Ducati to Introduce Motorcycle Radar System by 2020

Dennis Chung
by Dennis Chung

Cornering ABS coming to all Ducati models

Ducati announced plans to introduce a front and rear radar system for motorcycles and to make cornering ABS available across its entire model range. The two initiatives are part of Ducati’s overall “Safety Road Map 2025” plan, the company’s strategy for motorcycle safety technologies.

Working with the Department of Electronics, Information and Bioengineering at the Politecnico di Milano University, Ducati is working on a radar-based warning system to detect vehicles in a motorcycle’s blind spot. The system would alert riders of potential hazards, making for safer lane changes.

Ducati is also working on forward-facing radar with an unnamed technical partner to detect objects in front of a motorcycle. The forward radar system would be used for an adaptive cruise control system, automatically reducing cruise controlled speed when a motorcycle gets too close to traffic ahead. A forward radar system could also warn riders of potential head-on collisions.

Both forward and rear radar systems will be introduced on a Ducati model in 2020, likely a Multistrada (such as the 950 model in the supplied illustration). The Multistrada line has become a bit of a test bed for new Ducati safety technology; in 2014, Ducati worked with Dainese to introduce an integrated D-Air airbag jacket system on the Multistrada 1200 for European markets.

Ducati also announced plans to implement the Bosch cornering ABS system across all of its models. This process is already underway, with the addition of the Bosch 9.1 MP cornering ABS on the Scrambler 1100, which Ducati hails as an industry-first application of the technology on a retro “heritage” model. We can probably expect to see more models to come standard with cornering ABS on for 2019.

We can also expect to see other manufacturers adopt cornering ABS to more models, as government agencies, especially in Europe, push for increased safety technology for two-wheelers. The current Euro 4 standard, for instance, mandated ABS, daytime running lights and traction control systems for most models, and it wouldn’t be a stretch to expect cornering ABS, radar sensors and vehicle-to-vehicle communications to become standard in the future. In this regard, Ducati trying to get an early jump on safety technology.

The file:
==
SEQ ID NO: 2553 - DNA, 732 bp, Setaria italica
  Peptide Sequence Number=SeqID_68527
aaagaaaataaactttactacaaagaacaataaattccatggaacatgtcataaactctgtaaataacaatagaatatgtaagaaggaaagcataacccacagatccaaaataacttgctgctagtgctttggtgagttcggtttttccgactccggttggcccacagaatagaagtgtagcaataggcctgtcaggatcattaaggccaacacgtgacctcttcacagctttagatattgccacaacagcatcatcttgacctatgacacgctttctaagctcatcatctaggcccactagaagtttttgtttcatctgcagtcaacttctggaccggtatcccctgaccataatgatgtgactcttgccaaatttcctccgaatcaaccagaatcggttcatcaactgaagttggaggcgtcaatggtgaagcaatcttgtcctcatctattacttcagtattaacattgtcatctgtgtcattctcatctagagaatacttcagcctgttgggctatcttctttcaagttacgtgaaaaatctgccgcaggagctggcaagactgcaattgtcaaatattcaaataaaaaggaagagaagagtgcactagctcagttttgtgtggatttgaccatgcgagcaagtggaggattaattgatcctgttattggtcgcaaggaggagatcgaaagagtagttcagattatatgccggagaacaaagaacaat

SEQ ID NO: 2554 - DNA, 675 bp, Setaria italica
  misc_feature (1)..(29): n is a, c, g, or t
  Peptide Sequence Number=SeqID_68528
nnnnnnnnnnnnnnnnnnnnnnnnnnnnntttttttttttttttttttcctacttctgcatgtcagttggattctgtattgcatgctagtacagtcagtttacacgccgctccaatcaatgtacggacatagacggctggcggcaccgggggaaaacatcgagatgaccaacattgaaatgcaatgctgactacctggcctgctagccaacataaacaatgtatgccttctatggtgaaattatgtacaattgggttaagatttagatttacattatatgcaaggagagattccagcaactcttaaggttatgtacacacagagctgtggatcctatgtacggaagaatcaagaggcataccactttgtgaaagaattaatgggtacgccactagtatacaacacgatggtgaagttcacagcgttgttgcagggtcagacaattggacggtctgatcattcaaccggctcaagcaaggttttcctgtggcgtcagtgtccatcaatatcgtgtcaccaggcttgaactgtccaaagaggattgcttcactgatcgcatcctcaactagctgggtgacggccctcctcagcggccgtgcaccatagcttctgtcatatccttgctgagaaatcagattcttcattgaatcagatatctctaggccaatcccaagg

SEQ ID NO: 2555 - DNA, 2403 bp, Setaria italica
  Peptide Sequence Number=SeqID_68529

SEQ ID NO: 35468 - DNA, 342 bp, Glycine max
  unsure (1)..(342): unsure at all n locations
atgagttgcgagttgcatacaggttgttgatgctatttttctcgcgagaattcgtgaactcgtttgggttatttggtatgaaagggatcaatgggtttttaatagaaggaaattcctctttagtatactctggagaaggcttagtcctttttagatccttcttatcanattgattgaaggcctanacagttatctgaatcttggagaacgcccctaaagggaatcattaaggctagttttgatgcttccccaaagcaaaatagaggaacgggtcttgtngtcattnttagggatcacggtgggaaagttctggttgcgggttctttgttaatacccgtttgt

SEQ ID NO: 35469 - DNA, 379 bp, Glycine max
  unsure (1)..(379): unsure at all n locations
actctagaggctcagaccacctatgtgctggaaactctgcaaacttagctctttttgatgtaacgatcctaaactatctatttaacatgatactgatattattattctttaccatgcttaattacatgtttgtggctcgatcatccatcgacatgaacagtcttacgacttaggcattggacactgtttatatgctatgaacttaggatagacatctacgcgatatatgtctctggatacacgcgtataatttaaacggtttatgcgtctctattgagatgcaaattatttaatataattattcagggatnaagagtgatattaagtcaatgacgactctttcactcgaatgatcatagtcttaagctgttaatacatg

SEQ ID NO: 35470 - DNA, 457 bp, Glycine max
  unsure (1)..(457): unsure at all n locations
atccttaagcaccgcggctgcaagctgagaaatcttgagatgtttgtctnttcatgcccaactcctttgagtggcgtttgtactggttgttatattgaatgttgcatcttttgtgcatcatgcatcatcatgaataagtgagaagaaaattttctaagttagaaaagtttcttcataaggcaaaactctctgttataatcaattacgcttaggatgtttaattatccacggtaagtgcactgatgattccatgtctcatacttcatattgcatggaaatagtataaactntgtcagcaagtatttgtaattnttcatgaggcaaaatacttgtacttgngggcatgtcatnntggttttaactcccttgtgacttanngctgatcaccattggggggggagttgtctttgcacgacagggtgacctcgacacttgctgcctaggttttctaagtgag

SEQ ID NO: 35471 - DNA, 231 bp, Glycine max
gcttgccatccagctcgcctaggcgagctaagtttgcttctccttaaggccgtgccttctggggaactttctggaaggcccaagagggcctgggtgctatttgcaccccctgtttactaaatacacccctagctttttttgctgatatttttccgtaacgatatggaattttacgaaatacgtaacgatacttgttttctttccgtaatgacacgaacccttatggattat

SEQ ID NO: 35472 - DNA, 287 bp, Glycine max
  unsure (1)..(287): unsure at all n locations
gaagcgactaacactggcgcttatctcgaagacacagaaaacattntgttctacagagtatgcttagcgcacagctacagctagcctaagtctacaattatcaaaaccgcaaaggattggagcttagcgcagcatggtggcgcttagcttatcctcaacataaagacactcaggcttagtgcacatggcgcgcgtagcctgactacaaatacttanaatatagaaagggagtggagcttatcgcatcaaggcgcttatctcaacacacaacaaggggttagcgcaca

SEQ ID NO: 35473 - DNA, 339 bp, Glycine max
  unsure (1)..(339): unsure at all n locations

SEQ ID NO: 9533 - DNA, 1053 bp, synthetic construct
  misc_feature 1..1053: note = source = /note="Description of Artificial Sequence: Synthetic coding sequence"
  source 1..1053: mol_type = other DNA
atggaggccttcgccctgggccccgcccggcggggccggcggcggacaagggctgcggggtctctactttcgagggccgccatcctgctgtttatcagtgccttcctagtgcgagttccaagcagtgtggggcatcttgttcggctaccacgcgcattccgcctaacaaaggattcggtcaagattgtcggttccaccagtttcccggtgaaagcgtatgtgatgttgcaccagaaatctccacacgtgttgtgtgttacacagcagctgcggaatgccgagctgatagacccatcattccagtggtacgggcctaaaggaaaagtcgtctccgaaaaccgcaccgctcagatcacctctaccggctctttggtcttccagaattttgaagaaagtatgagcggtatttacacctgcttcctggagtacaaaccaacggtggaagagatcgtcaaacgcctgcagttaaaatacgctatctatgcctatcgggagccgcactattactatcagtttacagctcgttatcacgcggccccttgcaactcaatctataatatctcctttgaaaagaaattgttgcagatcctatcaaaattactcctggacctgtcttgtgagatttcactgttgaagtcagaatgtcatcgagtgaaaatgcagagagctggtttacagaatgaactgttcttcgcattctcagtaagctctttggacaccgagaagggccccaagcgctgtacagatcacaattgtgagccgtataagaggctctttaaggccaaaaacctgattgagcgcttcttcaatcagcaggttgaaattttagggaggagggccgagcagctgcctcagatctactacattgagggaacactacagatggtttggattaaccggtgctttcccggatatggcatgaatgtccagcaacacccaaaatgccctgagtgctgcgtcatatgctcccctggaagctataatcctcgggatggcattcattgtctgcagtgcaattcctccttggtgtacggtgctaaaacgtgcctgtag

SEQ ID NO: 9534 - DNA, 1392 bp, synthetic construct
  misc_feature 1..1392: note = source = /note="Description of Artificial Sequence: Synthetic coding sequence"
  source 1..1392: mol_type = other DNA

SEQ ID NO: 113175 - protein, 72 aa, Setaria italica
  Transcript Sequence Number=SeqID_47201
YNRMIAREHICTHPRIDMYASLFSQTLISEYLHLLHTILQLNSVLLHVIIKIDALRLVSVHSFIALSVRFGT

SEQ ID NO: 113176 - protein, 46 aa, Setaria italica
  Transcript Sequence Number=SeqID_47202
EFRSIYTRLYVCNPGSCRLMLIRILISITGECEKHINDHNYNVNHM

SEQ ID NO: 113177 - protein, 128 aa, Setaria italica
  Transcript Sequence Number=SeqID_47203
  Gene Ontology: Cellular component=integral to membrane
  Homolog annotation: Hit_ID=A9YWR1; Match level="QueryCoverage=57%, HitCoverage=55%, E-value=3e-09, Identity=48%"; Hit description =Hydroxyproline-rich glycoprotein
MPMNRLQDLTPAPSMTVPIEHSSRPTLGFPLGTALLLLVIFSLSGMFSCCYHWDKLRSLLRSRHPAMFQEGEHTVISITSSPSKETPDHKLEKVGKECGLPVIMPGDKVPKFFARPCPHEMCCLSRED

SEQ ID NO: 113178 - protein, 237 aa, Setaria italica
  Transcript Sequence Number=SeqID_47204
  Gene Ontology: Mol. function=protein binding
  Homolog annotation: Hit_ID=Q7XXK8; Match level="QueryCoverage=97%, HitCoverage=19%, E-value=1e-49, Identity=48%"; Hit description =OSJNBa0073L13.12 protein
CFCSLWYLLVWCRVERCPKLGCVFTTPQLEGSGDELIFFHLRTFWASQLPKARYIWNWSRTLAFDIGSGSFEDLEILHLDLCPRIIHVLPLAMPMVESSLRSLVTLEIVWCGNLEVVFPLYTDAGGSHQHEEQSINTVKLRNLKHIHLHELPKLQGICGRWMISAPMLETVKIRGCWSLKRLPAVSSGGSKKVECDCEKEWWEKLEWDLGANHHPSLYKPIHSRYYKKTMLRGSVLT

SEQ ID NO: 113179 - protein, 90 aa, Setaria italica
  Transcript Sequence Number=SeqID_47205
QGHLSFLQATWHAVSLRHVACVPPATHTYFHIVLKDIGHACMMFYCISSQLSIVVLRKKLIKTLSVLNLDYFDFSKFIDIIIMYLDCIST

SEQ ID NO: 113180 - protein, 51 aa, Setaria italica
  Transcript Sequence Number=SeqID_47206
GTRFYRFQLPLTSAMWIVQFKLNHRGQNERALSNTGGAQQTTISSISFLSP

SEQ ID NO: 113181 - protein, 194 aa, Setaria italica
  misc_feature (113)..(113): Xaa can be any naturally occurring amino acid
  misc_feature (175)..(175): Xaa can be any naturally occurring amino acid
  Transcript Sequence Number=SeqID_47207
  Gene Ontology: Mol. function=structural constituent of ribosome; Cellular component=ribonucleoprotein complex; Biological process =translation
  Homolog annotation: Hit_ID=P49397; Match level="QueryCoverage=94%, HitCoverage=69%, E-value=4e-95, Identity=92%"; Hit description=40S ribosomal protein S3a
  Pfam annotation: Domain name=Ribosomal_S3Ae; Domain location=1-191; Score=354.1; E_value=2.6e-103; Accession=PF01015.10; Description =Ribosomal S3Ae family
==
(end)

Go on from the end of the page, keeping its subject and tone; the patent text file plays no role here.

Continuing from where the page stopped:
Dennis Chung
Dennis Chung

Dennis has been a part of the Motorcycle.com team since 2008, and through his tenure, has developed a firm grasp of industry trends, and a solid sense of what's to come. A bloodhound when it comes to tracking information on new motorcycles, if there's a new model on the horizon, you'll probably hear about it from him first.

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  • Biff Biff on Apr 21, 2018

    Nothing will stop the constant advancement of technology but that should not be a substitute for developing riding skills. Attention to what is going on around you should be your focus. Being lulled into a false sense of security by electronic gadgetry can come back to bite you since, as we all know, bikes are not very forgiving when it comes to mistakes.

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    • Biff Biff on Apr 22, 2018

      I agree that technology is dumbing down society and there is the lazy factor but since motorcycling is far more than just a way to get around, there should be a desire to develop the skills to better enjoy the pastime. There is really no technological substitute for well honed reflexes.

  • ThreePedal ThreePedal on Apr 23, 2018

    WHY, WHY, WHY?!?!?! These "aides" do nothing but make people lazy and cause far more issues than they "solve." If you aren't looking where you are going you deserve to run into something. That is probably the primary task you have when operating a motor vehicles of any type.